December 04, 2018
JERUSALEM: Thousands of Israeli women protested against domestic violence in a nationwide strike on Tuesday, calling for more action and state funding to deal with the problem.
The strike came after two girls were killed last week, bringing the number of women and girls murdered in Israel this year to 24, according to Israeli media reports.
Women were staying home from work and holding demonstrations in cities throughout Israel, some blocking roads.
Protesters observed a moment of silence to mark the 24 deaths this year.
“Bibi, wake up, our blood is not cheap,” protesters chanted near the entrance to Jerusalem, referring to Prime Minister Benjamin Netanyahu by his nickname. The road had been smeared with red paint, symbolising the blood of victims.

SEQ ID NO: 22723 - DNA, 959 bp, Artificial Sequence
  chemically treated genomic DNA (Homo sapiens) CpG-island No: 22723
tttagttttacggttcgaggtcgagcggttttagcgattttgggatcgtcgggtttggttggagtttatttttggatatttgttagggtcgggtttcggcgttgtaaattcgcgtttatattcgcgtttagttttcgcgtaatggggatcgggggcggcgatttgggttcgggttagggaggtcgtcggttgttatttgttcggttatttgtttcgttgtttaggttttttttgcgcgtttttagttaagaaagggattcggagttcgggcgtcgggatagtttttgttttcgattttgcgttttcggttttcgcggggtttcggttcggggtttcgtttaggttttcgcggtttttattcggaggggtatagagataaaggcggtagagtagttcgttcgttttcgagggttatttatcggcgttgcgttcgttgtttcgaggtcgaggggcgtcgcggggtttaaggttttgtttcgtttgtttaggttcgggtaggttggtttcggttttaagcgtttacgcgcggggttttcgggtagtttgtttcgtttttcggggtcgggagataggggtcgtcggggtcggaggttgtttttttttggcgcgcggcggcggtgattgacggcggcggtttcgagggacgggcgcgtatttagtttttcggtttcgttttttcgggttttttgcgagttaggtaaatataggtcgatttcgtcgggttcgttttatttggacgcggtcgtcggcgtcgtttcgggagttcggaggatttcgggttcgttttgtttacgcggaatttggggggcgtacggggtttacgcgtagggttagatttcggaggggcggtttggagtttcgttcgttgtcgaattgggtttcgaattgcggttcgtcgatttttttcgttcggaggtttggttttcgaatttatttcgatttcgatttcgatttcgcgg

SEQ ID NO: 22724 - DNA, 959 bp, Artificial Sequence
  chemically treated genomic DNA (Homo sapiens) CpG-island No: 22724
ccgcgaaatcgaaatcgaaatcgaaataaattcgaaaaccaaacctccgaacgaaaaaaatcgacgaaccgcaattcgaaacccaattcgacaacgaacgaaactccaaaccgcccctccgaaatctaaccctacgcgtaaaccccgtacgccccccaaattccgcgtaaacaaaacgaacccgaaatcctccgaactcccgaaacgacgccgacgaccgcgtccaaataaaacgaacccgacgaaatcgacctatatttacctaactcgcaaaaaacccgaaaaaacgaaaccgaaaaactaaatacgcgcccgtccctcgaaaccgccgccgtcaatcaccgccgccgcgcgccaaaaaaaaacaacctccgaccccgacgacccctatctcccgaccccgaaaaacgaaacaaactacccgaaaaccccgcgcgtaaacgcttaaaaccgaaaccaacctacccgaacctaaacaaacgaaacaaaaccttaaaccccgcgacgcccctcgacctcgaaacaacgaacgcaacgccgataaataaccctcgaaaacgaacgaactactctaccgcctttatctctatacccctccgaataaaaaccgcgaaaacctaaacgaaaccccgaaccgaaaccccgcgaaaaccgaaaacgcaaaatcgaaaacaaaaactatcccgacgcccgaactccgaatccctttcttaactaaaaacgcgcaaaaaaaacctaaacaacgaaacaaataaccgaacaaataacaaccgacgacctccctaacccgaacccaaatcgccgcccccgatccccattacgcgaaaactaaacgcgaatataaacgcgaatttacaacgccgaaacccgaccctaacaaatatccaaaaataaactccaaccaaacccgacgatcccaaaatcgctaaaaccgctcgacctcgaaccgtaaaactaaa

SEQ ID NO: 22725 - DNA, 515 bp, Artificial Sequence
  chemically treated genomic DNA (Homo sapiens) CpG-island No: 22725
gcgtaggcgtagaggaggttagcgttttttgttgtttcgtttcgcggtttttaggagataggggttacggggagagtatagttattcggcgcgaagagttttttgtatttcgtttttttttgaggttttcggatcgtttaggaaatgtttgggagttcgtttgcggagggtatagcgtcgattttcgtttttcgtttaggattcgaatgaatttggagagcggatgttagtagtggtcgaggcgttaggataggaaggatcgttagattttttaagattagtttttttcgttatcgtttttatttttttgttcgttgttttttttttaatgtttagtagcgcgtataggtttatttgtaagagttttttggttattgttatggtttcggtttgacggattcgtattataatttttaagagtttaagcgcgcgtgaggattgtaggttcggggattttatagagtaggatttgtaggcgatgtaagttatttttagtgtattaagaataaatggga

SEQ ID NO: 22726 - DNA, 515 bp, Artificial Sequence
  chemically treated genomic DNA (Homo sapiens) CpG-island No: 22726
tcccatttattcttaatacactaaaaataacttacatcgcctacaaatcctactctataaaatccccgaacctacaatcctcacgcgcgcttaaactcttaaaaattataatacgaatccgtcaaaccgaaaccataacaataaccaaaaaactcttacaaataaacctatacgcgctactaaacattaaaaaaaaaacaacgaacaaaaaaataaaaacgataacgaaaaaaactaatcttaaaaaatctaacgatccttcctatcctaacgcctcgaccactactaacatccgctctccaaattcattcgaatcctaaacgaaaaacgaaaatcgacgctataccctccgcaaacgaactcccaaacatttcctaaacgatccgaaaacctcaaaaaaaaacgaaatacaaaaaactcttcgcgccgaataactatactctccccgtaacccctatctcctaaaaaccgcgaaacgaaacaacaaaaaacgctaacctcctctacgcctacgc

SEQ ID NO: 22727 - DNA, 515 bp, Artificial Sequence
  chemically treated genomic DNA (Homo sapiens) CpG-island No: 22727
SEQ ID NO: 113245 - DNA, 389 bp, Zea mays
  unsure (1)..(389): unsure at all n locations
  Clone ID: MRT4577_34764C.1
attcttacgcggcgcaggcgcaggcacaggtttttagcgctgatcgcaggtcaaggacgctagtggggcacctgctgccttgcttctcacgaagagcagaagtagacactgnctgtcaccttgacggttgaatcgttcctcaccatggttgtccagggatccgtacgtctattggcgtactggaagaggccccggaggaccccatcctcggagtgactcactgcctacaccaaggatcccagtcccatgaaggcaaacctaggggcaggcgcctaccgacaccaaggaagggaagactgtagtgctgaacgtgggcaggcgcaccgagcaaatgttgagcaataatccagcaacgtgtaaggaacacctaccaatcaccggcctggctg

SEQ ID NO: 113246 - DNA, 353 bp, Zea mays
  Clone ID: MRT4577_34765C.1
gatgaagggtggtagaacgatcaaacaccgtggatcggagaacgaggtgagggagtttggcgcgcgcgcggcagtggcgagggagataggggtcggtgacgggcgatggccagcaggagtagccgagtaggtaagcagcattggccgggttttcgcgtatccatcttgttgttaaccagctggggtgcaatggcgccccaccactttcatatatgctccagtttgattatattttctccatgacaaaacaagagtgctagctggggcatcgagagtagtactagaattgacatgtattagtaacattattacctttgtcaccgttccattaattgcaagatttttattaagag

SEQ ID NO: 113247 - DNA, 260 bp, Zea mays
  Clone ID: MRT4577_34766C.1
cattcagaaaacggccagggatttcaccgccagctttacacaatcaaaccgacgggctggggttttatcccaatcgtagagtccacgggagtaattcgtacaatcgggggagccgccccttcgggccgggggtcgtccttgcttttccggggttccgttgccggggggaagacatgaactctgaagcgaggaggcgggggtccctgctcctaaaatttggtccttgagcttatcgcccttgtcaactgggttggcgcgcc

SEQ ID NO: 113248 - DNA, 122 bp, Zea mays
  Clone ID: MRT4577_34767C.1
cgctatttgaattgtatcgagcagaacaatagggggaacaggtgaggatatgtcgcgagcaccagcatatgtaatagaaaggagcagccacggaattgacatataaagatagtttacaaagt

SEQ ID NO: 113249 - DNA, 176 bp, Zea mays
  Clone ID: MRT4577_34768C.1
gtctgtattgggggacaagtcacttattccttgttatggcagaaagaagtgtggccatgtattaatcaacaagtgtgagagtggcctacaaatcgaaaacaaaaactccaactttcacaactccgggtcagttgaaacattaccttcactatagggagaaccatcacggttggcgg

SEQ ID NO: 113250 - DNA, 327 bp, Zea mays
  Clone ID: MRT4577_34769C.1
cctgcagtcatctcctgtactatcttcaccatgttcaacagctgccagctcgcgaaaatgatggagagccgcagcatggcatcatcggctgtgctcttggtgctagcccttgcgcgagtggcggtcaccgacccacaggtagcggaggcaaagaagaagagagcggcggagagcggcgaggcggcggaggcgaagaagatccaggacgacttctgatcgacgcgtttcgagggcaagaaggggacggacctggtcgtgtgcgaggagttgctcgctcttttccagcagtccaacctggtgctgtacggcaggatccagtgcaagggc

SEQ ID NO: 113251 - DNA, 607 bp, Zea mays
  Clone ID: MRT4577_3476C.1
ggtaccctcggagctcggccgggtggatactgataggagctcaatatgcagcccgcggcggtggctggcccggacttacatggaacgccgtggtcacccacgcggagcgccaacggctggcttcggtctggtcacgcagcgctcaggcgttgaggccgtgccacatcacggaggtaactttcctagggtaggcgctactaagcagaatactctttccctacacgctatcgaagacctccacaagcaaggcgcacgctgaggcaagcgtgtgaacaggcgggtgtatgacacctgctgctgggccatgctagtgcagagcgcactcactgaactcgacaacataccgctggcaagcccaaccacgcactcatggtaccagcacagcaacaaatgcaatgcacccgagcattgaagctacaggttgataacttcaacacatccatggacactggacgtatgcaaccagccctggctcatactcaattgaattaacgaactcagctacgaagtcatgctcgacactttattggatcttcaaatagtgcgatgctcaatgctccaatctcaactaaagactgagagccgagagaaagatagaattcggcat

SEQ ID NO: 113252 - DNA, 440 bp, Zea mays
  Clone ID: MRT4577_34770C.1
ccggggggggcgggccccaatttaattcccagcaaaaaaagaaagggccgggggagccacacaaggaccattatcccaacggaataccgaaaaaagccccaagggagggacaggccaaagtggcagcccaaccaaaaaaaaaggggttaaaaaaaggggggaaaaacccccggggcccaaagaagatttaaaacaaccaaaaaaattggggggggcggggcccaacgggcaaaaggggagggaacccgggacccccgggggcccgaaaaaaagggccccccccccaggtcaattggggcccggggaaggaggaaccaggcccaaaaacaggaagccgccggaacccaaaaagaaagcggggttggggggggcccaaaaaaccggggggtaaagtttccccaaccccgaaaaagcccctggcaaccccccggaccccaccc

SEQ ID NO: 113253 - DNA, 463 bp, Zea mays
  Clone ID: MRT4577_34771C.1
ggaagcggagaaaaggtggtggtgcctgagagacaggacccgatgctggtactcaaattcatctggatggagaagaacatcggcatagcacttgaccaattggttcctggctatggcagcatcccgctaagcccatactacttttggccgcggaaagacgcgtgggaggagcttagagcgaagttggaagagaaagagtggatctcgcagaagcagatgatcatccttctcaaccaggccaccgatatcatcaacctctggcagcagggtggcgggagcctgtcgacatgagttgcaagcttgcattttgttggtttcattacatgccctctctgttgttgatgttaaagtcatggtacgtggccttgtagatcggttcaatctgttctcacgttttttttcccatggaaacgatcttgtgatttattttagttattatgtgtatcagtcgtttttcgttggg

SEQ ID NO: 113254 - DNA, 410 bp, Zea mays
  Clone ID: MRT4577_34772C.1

Speaking on Sunday, Netanyahu mentioned a recent visit to a women’s shelter, following which he decided to head the governmental committee to combat domestic violence.
“We will convene the committee time after time,” he pledged, “to bring a better future and hope for these women.”
Members of the opposition, however, accused the government of failing to fund the existing program to deal with the problem.
“It’s all a matter of priorities,” Ksenia Svetlova of the Zionist Union said during a parliamentary hearing.
She said 250 million shekels ($67 million) for the program had not been transferred.
“The welfare offices are on the brink of collapse,” said Svetlova.
A central rally was planned for Tuesday evening in Tel Aviv.
Appointment Of Young Afghan Woman As Deputy Interior Minister Sparks Reactions
Dec 05 2018
The appointment of a young Afghan woman as deputy interior minister has sparked mixed reactions as the government eyes increasing role of women in the politics and other sectors.